… or didn’t you know that the brain energy of your boss, when it is not spent in bureaucracy, is indeed mostly spent in trying to find new ideas? You are going to be appreciated if you help him/her in this task.

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Steps (3): Ph.D.

A Ph.D. is definitely about research. Sure enough, there will be graduate school to improve your general knowledge. Sure enough, your supervisor will provide you with basic training in your discipline and maybe send you to some summer school. Sure enough, you will not be requested to publish a research paper in the first six months, nor in the first year, maybe not even in the first two years. But ultimately you are expected to become a researcher, not just to “learn more”, and even less to “learn from a renowned master”.

This has obvious implications on the choice of the topic and the supervisor. As a student, you liked some fields, you appreciated well-defined problems and very pedagogical teachers that never forgot hbar in their equations. Now:

  • Field. In some fields, almost all that could be done has been done. Most probably, you (and I) know very little about those fields; ideally, it would be good to know more. But you should not ask yourself “what am I going to learn?”; rather, “What are the typical contributions to research in this field? What is the content of the papers that are published these last years?”.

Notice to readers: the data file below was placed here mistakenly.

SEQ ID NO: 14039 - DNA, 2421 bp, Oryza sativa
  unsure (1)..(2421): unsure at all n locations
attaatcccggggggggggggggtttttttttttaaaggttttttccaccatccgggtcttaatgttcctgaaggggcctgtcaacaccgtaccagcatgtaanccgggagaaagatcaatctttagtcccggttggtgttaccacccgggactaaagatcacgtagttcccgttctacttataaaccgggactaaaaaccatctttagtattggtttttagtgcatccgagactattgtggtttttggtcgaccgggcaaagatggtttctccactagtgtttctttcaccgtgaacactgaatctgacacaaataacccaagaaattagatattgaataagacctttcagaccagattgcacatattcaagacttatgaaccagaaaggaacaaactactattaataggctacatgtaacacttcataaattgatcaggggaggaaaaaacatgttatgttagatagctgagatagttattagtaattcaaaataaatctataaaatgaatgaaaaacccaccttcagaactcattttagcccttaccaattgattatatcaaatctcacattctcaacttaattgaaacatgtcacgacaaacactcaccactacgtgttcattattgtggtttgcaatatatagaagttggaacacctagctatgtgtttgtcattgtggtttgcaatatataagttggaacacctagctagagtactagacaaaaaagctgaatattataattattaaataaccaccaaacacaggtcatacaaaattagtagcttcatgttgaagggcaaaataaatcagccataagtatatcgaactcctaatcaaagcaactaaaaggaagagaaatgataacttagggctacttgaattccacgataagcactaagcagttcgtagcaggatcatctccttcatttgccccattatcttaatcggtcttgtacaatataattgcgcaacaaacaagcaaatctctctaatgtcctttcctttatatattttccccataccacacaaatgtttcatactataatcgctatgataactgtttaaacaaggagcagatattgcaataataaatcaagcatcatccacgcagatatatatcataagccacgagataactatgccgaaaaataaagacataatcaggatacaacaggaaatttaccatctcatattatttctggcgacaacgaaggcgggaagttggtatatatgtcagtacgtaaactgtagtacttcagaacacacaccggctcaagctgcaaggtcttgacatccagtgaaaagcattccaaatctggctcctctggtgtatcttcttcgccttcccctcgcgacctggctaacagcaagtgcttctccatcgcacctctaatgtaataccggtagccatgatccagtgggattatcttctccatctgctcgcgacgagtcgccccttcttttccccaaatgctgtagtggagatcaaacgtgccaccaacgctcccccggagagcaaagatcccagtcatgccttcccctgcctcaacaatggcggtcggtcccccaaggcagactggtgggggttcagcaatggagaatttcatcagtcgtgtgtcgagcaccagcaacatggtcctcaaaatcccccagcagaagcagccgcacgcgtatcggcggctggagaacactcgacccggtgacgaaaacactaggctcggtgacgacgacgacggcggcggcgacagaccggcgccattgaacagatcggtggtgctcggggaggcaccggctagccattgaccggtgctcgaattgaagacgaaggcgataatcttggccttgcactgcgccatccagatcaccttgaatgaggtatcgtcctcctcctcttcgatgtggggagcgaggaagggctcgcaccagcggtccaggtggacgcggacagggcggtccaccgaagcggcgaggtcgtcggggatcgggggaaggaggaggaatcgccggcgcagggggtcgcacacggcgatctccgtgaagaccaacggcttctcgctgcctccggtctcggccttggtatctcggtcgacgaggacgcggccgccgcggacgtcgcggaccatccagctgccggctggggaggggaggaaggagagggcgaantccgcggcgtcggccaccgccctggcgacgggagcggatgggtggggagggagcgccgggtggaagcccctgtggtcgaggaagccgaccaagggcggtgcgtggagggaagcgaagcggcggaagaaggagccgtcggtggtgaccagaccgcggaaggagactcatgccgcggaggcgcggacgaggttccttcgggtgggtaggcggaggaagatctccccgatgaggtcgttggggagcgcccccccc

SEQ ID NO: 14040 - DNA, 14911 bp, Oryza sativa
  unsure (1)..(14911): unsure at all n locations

• Project. In research, a well-defined problem has already been solved. You have to look for a problem waiting to be defined. In other words, your Ph.D. project should sound like “we are going to explore this and that, not exactly knowing what we are going to find, with the hope that this is the right approach to [particular open question]”.
  • Supervisor. Of course, the “Best Teacher Award” does not tell anything about research. But the equations “good researcher = bad teacher” and “good teacher = bad researcher” are equally wrong. If your candidate supervisor is not able to explain you what his/her research is about in simple terms, this is not deep thought, but foggy thought: go and look for someone else!